With Gladness: A Christmas Story Collection is our second publication and is releasing this Friday…just in time for the holiday season. You can find lots of information here or order your signed copy in our store.
We’re also starting something new…a third blog post each week. Look for them Wednesdays. The series is “Christmas on Wednesday” and each article will highlight holiday celebrations and historical background on the stories in With Gladness.
Today we’ll kick-off the series with a look at some Christmas traditions in Colonial America.
The English Colonial period of American history is generally placed between 1607 and 1775. (We emphasize “English Colonial” because there were Spanish and French colonies in US History too!)
English adventurers established settlements in the New World and were granted colony charters. Thirteen colonies were founded; some were founded by folks from other country, but were eventually acquiesced to the English . (You can find blog posts about the founding history of New York, Rhode Island, Pennsylvania, Maryland, and Georgia.)
The colonial settlements grew and prospered, utilizing the natural resources to establish a trade economy with the mother country. Tradesmen and artisans moved to the colonies, and the cities became cultural and societal hubs. Colleges were established. Port cities flourished with Trans-Atlantic trade. Colonial government was usually a combination of crown-appointed officials (usually the governor) and elected officials from the colonial community.
As colonial settlements grew and the capitals (or other large cities) prospered, people had time to “enjoy life.” Christmas – ever a popular holiday in England – was celebrated in the colonies, though it should be noted that strict Puritans tended to avoid the holiday. However, in middle and southern colonies were the Anglican or Catholic church was the leading religious institution Christmas was well-celebrated.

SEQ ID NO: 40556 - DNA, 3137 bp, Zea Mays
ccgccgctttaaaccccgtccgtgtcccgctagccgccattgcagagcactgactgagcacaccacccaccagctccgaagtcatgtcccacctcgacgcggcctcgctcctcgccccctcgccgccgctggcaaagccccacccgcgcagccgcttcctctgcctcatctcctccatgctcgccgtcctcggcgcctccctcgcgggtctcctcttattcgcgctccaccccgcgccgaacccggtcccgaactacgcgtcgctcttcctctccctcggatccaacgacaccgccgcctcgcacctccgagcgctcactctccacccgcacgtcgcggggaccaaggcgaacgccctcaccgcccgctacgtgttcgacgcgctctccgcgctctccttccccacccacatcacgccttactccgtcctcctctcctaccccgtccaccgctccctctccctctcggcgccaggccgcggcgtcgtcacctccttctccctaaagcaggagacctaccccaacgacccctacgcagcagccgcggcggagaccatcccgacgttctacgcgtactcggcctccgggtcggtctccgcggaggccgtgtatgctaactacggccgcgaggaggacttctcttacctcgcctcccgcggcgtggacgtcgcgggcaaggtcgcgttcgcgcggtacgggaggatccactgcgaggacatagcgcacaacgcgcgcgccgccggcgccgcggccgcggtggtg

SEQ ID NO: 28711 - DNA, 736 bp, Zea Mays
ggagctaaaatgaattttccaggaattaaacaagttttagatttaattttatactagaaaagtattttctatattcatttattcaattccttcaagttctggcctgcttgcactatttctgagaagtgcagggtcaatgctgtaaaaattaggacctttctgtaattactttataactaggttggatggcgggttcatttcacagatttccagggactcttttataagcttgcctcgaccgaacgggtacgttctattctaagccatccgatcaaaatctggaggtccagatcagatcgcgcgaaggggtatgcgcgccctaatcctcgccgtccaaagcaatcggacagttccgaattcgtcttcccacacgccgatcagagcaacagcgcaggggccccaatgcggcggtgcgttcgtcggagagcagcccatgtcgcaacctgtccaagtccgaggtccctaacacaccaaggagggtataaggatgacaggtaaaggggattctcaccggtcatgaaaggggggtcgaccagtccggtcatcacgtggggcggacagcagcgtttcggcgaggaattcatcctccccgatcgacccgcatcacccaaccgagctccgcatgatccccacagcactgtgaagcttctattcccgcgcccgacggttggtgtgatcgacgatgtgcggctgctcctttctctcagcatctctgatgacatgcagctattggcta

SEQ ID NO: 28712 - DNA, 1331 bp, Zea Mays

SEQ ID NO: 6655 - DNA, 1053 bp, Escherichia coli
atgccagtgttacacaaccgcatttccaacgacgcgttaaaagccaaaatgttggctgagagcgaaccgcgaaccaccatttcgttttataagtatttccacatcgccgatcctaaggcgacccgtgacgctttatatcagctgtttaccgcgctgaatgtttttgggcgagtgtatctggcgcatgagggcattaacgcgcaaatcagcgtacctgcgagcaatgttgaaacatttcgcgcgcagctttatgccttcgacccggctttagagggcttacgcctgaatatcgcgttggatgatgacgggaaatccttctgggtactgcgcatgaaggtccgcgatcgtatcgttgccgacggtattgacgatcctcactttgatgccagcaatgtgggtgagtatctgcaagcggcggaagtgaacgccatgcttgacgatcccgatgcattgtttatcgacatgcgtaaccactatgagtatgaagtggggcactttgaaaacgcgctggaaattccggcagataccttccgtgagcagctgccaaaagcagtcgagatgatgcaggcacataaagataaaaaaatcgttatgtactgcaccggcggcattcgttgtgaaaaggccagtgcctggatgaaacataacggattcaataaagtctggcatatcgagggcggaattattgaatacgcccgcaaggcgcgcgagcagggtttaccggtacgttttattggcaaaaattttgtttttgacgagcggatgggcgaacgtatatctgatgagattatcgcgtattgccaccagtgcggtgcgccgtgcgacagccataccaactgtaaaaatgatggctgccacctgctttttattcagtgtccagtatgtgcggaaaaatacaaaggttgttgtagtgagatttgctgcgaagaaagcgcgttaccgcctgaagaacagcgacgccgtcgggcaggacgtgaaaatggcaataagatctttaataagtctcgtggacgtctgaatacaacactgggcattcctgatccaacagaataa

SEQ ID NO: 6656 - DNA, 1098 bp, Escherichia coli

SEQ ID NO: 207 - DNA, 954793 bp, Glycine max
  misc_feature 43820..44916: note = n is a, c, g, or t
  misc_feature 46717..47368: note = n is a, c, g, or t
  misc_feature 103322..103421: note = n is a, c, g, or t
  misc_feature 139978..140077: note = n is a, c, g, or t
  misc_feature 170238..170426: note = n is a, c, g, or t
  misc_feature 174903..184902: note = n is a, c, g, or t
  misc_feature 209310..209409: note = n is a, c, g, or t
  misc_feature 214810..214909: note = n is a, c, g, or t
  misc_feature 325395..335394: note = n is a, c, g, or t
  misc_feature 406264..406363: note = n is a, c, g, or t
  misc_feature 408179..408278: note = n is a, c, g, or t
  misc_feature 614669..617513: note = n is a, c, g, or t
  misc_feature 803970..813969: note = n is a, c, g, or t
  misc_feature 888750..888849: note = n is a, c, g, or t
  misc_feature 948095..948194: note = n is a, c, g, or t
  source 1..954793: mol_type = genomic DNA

Decorations were crafted from natural greenery, cones and pods, dried flowers, and fruits collected from the fields, woods, or gardens of Colonial America. In many ways, these decorations were a celebration of bounty and nature.
Wreaths, swags, and garlands decorated the exterior and interiors of home, shops, and some public buildings. Fruits – usually apples and citrus – were accented with clove or other spices and added to the greenery decorations or set in a basket to fill the rooms with a spicy/sweet scent. Pineapples were a symbol of hospitality, especially in the southern colonies and were incorporated into the décor when the home/shop owners could afford them.
Want to see some replicas of Colonial Christmas decorations? Try to visit Colonial Williamsburg, Virginia, or Washington’s home – Mount Vernon – during the holiday season. (I’m hoping to go some year!) Or if you live on the East Coast, see if there are any other Colonial Era homes in your area that decorate for Christmas. Can’t travel? Try websites. Colonial Williamsburg usually posts photos on their Facebook page or blog.
Colonial Christmas decorations are probably my all-time favorite. Sure, Victorian era and modern is pretty (and we’ll talk about those in the coming weeks), but I love the simplicity reflecting from the colonial period.
It’s marvelous how many natural treasures can be incorporated into the wreaths or garlands. And what can surpass a traditional fruit pyramid?
The decorations were crafted from woodland, field, and garden items because it was what was available in that era…and it didn’t have to be expensive. Wreaths, swags, garlands, and other traditional decorations reflect the ingenuity of early American settlers and their desire to celebrate and make Christmas part of their new land’s heritage.
Featured In The Story
The Colonial Era story in With Gladness is “Great Joy” – the first story in the book. Read carefully and you’ll notice references to natural decorations in the town, at the farmhouse, and at church.
In the main room, a warm fire crackled on the hearth. Evergreen boughs accented with rosy apples decorated the mantle. On the chimney, a wreath twined of dried vines featured a decorative display of dried orange slices and spices, filling the room with a homey scent.
Your Historian (and Authoress),
P.S. Do you like the colonial style of Christmas decorations?